We found a thin, durable, warm liner that can fit under almost any glove. We applied this Nuheat product to that liner. The beauty of it is that you can wear it as a liner by itself, or you can put it under literally any glove. It is thin enough to slide under any of our gloves. If you know Hestra, we have some tailored fitting gloves, especially from our Ergo grip line, but these will fit under any gloves.

You can make any glove a heated glove and carry that with you across all of your glove quiver, which is something that we have not seen before. It’s something we’re excited about. That’s launching soon. Supplies are extremely limited. If you can find a pair, I would highly recommend getting to them. We’re going to scale up.

Everybody’s having challenges on that end. We won’t get into that. That’d be a whole other show. How about your three top marketing tips every outdoor marketing manager needs to know? What are those?

One, understanding yourself and your value to your organization. This doesn’t sound like a marketing tip, but if you’ve worked in the outdoor industry, you know that a lot of the companies are small and medium-sized. Early in my career, I found myself trying to be everything to everyone, and not understanding where my value was to the organization where I could make the most impact. As I’ve grown with companies, I’ve realized, “There’s a handful of things that I’m good at and there are other things that I’m not.” There are things within the context of the company that we do well. Let’s focus our time and energy there. If you’re in this industry and you’re on a marketing team, generally speaking, you’re doing a lot of different things.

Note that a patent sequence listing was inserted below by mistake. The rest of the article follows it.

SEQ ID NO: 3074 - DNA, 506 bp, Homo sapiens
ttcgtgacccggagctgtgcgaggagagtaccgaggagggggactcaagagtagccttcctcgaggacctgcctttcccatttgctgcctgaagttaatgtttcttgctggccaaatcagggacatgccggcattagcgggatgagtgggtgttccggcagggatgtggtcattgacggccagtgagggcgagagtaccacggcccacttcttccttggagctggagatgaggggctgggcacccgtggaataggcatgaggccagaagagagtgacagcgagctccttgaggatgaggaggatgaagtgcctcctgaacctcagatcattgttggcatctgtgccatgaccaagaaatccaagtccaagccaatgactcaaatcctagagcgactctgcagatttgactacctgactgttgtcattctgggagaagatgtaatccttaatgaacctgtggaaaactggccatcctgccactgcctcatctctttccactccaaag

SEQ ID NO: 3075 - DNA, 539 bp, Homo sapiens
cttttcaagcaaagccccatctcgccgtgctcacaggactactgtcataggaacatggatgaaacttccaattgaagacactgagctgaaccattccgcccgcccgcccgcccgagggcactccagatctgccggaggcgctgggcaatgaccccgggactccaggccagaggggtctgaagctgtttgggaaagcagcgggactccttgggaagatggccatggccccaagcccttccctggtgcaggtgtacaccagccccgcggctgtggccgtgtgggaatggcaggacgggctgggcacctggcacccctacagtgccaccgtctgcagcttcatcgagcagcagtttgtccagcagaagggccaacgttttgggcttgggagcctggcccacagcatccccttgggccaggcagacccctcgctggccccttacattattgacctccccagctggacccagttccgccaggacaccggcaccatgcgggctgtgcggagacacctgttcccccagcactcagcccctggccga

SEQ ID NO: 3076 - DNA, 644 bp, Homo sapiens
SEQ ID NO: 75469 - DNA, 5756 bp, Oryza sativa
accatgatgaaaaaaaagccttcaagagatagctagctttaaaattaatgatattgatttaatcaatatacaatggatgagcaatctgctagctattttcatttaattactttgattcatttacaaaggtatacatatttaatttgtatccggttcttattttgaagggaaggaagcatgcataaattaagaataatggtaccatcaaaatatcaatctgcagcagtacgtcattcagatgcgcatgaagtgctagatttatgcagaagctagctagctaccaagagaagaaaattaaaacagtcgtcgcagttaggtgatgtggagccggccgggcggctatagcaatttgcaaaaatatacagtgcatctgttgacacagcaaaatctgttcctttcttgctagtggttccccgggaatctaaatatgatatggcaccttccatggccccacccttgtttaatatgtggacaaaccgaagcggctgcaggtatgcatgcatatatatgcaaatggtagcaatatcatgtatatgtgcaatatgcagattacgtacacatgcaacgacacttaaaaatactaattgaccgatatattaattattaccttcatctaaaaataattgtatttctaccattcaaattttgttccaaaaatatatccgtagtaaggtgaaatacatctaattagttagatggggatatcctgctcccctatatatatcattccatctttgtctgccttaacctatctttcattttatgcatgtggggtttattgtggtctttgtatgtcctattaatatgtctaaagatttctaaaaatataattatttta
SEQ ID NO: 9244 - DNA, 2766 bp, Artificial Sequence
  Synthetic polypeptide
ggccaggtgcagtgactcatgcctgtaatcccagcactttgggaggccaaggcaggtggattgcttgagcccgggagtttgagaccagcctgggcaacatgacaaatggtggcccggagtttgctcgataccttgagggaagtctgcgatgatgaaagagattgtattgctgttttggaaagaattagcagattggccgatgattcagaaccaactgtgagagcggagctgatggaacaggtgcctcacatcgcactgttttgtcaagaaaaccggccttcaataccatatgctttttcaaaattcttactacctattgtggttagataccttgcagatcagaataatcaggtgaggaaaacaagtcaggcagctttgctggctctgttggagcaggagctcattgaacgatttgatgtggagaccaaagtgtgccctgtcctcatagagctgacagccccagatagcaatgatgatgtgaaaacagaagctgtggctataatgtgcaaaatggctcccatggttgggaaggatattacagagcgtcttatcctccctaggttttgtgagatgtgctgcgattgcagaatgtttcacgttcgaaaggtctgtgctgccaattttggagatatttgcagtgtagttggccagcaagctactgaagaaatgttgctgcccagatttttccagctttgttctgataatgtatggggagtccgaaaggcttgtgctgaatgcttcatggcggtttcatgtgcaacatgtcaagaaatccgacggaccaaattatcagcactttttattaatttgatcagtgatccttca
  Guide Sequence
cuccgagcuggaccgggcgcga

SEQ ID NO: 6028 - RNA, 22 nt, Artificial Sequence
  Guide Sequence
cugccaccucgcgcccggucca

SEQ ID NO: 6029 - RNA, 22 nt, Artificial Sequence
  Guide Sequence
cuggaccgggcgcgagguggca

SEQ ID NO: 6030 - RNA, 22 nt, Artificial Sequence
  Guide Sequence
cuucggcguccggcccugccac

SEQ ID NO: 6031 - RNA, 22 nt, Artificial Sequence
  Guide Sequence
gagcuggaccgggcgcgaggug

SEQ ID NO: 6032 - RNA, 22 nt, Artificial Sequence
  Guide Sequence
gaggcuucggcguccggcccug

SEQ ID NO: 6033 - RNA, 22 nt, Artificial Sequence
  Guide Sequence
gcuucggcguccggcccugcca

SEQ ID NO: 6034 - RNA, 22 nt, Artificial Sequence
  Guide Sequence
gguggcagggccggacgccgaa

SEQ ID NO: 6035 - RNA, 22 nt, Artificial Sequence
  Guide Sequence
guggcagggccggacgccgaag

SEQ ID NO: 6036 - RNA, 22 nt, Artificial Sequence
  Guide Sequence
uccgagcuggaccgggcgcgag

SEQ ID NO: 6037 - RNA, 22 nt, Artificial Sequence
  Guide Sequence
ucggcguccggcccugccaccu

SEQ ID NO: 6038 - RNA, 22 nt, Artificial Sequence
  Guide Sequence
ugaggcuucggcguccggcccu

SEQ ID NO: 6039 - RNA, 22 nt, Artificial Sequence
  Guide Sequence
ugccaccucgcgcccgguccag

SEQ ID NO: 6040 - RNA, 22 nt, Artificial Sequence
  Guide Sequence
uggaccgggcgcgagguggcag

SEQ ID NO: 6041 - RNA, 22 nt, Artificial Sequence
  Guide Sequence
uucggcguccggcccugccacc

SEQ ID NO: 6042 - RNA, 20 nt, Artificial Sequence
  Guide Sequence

That prioritization is important. That goes all the way back to what is your brand all about? That’s the second thing, understanding the message of your brand. It’s easy to get caught chasing and seeing what everyone else is doing. I can’t tell you how many meetings I’ve sat in over the years. I’ve been in this industry for many years. I’ve sat in tons and tons of meetings where people internally are saying, “This other brand is doing this,” or “Our competitor is doing that.” I want to pull my hair out when I hear that because we want to be true to who we are.

If we take care of ourselves and if we are true to the mission that we’ve put in place and to those things that we exist for, then everything else will take care of itself. People see that and understand that. People resonate with the message of who we are and we’ve crafted that message well. If the company is on track with that, that cures a lot of things. That makes people understand and gives a connection with those users that we seek to serve.

It focuses right back on your target audience, your 1,000 true fans.

Understand your mission to understand who you are and what you bring to the table.